History of the wedding ring

History of the wedding ring

The double-ring ceremony

The double-ring ceremony, or use of wedding rings for both partners, is a 20th-century American innovation but has been used elsewhere before. The US jewelry industry started a marketing campaign aimed at encouraging this practice in the late 19th century. In the 1920s, ad campaigns tried introducing a mens engagement ring, but it failed due to the necessity that its advertising campaigns make secret appeals to women. Marketing lessons of the 1920s, changing economic times, and the workplace impact of the war led to a more successful marketing campaign for male and female wedding bands, and by the late 1940s, double-ring ceremonies made up 80% of all weddings, as opposed to 15% before the depression. Rising expectations of equality between the sexes in nearly all spheres of life during the 20th century cemented the trend, and double-wedding ring ceremonies remain preponderant in the US in the 21st century, causing some orthodox religious authorities to struggle to harmonize their single-ring traditions with couples' desire for a double-ring ceremony.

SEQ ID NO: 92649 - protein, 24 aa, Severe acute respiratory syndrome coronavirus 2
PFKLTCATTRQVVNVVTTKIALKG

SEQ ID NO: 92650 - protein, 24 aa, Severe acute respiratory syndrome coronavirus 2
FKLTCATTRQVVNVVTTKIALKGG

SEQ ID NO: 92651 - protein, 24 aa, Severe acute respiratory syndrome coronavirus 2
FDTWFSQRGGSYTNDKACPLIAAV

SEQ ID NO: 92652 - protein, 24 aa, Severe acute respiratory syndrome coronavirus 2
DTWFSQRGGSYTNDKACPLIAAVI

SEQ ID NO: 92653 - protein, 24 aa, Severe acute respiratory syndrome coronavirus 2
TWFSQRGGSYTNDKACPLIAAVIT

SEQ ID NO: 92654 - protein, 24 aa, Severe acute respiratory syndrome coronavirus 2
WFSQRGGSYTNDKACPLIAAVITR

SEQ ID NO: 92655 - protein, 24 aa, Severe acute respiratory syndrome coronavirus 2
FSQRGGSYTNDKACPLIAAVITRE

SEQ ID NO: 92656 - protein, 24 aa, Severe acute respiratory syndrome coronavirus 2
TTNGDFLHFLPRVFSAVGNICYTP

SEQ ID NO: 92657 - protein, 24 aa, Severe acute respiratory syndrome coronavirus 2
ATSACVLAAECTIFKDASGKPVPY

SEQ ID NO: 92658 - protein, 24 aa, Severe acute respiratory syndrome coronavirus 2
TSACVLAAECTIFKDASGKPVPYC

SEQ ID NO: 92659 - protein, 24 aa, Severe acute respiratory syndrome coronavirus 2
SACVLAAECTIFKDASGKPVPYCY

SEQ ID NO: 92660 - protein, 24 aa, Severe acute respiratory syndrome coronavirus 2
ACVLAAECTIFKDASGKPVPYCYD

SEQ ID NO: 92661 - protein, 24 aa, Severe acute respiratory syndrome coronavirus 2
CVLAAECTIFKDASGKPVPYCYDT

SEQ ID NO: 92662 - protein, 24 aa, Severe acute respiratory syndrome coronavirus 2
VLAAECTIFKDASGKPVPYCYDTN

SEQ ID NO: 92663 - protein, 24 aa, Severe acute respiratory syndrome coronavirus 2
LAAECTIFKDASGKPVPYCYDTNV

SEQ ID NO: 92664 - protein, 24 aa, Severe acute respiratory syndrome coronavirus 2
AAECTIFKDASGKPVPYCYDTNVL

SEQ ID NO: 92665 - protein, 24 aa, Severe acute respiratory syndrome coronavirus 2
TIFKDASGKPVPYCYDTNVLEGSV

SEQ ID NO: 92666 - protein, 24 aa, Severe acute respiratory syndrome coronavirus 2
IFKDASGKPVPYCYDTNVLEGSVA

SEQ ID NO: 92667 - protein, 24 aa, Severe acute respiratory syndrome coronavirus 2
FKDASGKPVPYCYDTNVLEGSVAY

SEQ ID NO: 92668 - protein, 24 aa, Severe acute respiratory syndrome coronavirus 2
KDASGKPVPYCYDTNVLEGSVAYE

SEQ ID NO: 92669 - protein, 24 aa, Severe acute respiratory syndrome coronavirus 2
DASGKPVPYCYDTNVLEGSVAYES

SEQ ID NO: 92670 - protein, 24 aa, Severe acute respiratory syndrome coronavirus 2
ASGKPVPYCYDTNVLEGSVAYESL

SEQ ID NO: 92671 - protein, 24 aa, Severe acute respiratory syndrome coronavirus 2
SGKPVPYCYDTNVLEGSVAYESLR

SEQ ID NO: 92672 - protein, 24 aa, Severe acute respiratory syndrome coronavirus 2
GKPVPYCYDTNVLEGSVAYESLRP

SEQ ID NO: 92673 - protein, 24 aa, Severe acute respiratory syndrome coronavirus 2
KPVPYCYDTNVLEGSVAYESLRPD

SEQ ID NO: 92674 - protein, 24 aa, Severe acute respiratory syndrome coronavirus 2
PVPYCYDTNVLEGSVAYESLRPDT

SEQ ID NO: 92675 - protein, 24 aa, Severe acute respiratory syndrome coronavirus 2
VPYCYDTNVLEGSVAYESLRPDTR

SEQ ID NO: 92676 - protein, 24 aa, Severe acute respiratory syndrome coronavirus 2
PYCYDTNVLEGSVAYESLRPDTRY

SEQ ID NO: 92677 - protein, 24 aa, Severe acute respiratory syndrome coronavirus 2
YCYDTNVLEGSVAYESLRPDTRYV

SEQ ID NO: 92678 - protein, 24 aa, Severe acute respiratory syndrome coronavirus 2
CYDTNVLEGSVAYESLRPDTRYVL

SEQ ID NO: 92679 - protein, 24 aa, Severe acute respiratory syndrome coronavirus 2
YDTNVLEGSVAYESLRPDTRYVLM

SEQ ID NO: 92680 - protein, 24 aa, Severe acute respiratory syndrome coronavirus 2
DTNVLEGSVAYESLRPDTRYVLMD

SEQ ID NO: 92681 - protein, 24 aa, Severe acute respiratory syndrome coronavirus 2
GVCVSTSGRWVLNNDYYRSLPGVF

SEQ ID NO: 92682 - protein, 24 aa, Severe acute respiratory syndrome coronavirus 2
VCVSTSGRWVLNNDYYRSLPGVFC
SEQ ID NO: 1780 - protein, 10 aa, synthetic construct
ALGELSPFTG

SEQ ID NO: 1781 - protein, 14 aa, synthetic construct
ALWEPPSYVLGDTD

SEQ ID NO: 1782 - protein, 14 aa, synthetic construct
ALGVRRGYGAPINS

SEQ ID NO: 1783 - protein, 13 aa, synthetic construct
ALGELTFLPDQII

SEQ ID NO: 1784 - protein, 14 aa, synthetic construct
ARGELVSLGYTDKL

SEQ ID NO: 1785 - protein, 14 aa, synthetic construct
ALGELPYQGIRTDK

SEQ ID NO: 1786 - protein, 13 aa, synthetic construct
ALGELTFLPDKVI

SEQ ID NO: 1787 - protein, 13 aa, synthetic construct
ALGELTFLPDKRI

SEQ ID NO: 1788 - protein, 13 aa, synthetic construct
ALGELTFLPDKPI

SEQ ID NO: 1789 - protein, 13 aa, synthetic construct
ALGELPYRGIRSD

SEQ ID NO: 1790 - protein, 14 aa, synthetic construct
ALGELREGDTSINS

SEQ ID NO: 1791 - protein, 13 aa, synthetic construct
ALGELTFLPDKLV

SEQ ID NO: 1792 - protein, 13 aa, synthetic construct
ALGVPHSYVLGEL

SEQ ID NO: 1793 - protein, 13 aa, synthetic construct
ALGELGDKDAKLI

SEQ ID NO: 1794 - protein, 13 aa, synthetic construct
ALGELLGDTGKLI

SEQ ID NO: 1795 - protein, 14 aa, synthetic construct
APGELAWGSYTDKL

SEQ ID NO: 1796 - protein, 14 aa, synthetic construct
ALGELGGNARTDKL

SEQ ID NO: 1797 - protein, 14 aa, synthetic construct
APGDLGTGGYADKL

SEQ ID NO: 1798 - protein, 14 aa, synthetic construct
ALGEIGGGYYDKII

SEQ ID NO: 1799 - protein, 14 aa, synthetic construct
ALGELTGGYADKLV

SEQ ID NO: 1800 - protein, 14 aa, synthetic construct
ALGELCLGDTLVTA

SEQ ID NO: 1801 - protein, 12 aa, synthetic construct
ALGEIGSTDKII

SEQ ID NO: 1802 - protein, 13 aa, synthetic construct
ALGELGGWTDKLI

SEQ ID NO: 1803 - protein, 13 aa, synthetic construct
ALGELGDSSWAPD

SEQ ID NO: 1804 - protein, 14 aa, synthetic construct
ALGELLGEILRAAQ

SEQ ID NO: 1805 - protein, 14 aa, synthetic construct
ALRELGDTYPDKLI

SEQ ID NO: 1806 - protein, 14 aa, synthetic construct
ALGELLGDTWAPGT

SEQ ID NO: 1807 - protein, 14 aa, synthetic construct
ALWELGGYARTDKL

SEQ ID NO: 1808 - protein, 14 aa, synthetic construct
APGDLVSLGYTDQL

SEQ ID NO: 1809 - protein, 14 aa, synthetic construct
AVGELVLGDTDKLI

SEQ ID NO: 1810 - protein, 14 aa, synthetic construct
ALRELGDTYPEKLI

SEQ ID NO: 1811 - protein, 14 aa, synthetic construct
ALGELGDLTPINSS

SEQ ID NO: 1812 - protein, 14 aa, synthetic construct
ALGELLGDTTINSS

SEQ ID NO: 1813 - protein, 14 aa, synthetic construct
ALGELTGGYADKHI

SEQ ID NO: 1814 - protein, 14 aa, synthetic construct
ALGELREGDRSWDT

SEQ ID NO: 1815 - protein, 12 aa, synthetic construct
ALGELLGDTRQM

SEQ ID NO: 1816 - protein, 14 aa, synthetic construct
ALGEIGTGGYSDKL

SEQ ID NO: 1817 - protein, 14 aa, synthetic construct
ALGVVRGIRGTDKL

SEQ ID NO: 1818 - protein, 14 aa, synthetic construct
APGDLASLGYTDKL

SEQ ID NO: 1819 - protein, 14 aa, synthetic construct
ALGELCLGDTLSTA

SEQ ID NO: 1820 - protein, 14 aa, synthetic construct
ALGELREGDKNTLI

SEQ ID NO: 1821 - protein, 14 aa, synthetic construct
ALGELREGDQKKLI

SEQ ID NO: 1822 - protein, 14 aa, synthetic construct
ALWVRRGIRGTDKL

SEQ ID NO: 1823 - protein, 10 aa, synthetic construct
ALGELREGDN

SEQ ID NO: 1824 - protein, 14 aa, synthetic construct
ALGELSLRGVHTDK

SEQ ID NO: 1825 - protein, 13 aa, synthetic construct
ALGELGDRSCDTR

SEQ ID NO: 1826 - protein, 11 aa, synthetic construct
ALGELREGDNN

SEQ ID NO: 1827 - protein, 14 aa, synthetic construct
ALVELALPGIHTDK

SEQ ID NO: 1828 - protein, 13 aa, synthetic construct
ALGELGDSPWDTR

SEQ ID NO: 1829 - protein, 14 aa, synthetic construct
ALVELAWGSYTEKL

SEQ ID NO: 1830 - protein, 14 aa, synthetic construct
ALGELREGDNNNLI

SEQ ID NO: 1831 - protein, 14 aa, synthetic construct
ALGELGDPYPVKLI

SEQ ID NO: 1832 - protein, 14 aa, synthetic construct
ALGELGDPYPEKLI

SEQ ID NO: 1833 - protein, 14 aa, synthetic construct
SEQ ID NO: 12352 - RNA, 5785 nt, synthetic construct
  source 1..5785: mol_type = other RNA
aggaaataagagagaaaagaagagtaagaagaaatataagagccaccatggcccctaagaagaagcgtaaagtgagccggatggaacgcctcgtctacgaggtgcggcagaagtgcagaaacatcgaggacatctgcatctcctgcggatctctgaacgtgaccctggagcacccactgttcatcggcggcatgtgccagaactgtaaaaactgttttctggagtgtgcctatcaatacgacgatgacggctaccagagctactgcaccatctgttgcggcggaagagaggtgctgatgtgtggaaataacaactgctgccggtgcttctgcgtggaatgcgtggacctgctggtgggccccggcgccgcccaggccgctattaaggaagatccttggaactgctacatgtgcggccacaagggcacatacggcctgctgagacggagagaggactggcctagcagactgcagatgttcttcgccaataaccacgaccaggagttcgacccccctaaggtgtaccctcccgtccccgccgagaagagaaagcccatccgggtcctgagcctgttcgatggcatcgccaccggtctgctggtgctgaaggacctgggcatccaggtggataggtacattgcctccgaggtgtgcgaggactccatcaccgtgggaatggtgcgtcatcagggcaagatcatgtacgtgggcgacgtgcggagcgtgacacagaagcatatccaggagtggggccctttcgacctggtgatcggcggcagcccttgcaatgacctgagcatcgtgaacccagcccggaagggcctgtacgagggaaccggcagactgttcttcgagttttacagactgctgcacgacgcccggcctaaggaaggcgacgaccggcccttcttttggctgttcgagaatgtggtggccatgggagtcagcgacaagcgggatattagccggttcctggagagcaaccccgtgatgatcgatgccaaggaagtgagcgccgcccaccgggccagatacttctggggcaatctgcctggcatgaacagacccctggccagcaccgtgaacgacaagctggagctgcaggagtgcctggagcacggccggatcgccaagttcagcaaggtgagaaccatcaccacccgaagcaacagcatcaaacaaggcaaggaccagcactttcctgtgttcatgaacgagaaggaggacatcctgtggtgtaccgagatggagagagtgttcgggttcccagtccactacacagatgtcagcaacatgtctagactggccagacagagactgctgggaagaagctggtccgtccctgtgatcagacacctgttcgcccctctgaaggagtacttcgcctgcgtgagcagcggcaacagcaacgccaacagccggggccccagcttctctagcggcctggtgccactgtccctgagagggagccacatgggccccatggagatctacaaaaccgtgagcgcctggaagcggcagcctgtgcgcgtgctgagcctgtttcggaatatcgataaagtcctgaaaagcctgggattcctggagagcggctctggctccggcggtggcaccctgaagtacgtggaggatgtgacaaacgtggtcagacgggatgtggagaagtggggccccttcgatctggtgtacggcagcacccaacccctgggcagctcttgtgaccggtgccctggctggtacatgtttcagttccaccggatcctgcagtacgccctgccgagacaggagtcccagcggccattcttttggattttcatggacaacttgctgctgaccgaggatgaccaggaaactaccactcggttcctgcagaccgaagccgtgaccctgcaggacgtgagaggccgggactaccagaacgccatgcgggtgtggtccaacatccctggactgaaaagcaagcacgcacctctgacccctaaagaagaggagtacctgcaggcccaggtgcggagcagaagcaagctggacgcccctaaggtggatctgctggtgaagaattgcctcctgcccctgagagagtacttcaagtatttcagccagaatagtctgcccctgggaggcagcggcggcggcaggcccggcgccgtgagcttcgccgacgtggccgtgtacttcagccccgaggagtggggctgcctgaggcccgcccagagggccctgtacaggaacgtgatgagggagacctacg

Outside the US, it is still common to find single-wedding ring weddings with just the bride wearing the wedding ring. In several European countries, like the Nordic countries, it is normal to use plain engagement rings of the same kind for both sexes, and typically, an additional, more precious, bejeweled wedding ring is given to the bride. In the nuptials, the groom's ring becomes a wedding ring, too, and can be put on anew by the bride as a part of the ceremony with marriage vows. The engagement is typically a matter of agreement between the two, where rings are chosen together. Both engagement and wedding rings are worn on the left hand, the bride having both rings together. Occasionally, the groom gets a separate wedding ring. In Germany and Austria, both parties use engagement rings worn on the left hand. At the nuptials, a wedding ring is put on the right hand, as in several east European countries, like Russia and Poland. This can be a new ring for the bride, or both, or reusing the engagement rings. Any engagement rings can then remain on the left hand or be moved to the right hand. Also in Brazil, Mexico, and Spain, both sexes wear engagement rings, where the groom's ring often becomes a wedding ring at the nuptials used in the ring exchange ceremony.